That's because it doesn't create new tax incentives that specifically encourage companies to hire workers and create jobs, some employers and economists say. But it does expand incentives for companies to buy robots and machines that replace workers.

Republicans say that lowering taxes will boost the economy and spur job creation. But critics say that the tax legislation would create an imbalance favoring machines over workers.

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Updated at 12:01 ET Nov. 16

There are a lot of anxious graduate students at universities around the country right now.

That's because to help pay for more than $1 trillion in tax cuts for U.S. corporations, the House Republican tax plan would raise taxes on grad students in a very big way. These students make very little money to begin with. And many would have to pay about half of their modest student stipends in taxes.

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The Republican tax plan that was released yesterday is being sharply criticized by home-builders and realtors. They say the plan could discourage home buying and also push down home prices. Here's NPR's Chris Arnold.

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This past spring, David Mifflin looked at his credit report online and saw that something wasn't right.

There were inquiries from Chase Bank about an application for a credit card that someone was trying to open in his name. Mifflin, who lives in San Antonio, says he called the bank and was told the identity thieves "had my Social Security number."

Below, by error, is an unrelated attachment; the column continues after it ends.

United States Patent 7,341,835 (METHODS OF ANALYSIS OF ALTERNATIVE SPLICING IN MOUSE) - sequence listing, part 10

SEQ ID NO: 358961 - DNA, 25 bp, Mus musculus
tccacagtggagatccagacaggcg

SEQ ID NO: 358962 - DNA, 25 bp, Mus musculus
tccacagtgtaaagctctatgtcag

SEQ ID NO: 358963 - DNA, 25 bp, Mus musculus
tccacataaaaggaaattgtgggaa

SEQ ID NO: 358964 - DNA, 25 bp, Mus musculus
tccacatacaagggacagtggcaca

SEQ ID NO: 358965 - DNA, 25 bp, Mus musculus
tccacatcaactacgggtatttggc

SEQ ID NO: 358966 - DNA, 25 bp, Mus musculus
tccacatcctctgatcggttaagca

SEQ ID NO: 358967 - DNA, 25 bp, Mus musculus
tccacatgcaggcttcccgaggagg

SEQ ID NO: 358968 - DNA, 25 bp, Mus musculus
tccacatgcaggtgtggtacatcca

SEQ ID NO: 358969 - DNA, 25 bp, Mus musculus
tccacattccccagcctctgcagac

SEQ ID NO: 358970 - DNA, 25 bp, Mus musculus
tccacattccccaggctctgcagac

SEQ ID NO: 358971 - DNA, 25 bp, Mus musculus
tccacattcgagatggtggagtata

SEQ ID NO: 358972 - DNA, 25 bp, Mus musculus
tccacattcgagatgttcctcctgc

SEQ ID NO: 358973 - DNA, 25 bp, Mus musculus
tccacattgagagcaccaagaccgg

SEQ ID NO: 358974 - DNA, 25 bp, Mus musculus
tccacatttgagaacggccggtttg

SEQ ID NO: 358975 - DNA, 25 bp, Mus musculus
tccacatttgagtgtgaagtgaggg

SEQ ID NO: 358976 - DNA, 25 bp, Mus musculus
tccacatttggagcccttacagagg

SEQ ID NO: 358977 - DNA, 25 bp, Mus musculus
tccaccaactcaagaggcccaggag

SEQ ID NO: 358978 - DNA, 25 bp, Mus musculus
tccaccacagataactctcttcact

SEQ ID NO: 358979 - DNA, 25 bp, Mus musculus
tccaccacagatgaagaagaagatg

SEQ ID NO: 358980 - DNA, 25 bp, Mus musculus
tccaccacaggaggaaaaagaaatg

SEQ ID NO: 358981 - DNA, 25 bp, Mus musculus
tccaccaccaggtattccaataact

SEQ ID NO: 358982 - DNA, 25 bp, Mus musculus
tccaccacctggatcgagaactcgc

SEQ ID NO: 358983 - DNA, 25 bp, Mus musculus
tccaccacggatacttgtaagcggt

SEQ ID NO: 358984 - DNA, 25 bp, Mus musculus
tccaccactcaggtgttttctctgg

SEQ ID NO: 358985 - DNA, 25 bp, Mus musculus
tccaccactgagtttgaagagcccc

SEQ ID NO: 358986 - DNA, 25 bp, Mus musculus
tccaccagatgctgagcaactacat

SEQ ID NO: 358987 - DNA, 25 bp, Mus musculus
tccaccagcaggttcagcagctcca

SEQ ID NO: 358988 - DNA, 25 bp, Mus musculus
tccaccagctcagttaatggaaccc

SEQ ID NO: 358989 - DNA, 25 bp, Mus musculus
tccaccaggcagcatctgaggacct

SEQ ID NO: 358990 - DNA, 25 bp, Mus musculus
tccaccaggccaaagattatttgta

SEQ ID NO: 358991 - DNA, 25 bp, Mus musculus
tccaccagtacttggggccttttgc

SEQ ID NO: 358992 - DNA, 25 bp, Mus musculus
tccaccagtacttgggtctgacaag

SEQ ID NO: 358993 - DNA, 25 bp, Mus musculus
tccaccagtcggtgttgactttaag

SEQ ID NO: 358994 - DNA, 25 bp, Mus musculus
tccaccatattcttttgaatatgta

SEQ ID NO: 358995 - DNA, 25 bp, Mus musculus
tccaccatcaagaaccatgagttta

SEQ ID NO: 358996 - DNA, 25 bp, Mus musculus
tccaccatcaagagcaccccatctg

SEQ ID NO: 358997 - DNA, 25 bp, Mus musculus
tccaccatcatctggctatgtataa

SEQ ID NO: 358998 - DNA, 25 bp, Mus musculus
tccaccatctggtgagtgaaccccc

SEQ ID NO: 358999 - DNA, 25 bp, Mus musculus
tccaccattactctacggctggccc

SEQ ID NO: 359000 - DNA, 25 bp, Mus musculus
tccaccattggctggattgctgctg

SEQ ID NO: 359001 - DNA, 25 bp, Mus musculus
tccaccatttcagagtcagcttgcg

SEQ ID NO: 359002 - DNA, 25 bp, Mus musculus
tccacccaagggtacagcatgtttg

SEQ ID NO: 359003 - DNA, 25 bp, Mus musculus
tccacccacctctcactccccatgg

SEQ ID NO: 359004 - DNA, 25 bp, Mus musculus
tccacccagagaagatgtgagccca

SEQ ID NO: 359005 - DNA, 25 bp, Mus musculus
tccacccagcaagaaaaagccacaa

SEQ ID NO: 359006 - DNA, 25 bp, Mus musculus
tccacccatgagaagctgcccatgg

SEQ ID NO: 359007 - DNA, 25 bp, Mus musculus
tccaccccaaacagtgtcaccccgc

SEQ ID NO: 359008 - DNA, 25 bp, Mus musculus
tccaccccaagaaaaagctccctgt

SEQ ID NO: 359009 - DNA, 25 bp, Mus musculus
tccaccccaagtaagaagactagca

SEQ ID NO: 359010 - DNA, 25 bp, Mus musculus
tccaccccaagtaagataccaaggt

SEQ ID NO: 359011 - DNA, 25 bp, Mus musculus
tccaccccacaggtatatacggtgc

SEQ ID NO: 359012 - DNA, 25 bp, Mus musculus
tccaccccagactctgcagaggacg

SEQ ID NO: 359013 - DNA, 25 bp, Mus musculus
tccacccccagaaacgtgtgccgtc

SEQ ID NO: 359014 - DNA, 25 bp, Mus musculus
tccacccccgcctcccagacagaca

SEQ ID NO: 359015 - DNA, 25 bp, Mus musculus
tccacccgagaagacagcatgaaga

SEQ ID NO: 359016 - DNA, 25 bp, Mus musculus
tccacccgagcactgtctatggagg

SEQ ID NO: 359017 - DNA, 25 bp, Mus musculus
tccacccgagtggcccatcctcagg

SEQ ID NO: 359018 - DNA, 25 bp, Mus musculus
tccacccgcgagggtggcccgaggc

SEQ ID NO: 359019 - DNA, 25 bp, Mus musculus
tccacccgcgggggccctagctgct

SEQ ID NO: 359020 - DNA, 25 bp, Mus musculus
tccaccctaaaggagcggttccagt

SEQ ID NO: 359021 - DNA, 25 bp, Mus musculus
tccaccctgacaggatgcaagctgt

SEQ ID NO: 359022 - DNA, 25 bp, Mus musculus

He set up fraud alerts with the three major credit reporting companies. But he says the fraudulent attempts to open credit cards continued "multiple times a week, multiple times a day."

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The embattled company Equifax is having even more trouble with hackers. Now the company has had to take down one of its web pages after it was reported to be prompting people to download malicious software. NPR's Chris Arnold has more.

Former Equifax CEO Richard Smith, who stepped down just last week, faced a roomful of angry senators and some tough questions at a hearing Wednesday. It was the second of three congressional hearings he is testifying in front of this week.

Republicans and Democrats alike are upset about the massive hack of Social Security numbers and other sensitive information at the consumer credit reporting company.

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Americans owe more than ever before, with household debt hitting a record of nearly $13 trillion. And auto loans, home loans and credit card debt are all still on the rise, according to the Federal Reserve Bank of New York.

That has some economists saying the lessons of the bubble of borrowing in the run-up to the Great Recession have already been forgotten.

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A massive hack of the company Equifax has compromised the personal information of as many as 143 million Americans. Regulators have launched an investigation into what appears to be one of the most serious data breaches ever. NPR's Chris Arnold reports.

The Trump administration on Wednesday will start to renegotiate the North American Free Trade Agreement with Canada and Mexico. And despite very tough talk about NAFTA during the campaign, it appears the administration has backed away from a major assault on the decades-old trade deal.

And that is a relief to businesses in all three countries.

During the presidential campaign, Donald Trump clearly tapped into frustration about workers who had lost jobs in manufacturing. And he painted NAFTA as one of the central villains responsible for stealing Americans jobs.

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Every day, more than 10 Americans suffer amputations on what is by far the most dangerous woodworking tool: the table saw. Regulators in Washington, D.C., are moving closer to adopting a rule that would make new saws so much safer that they could prevent 99 percent of serious accidents.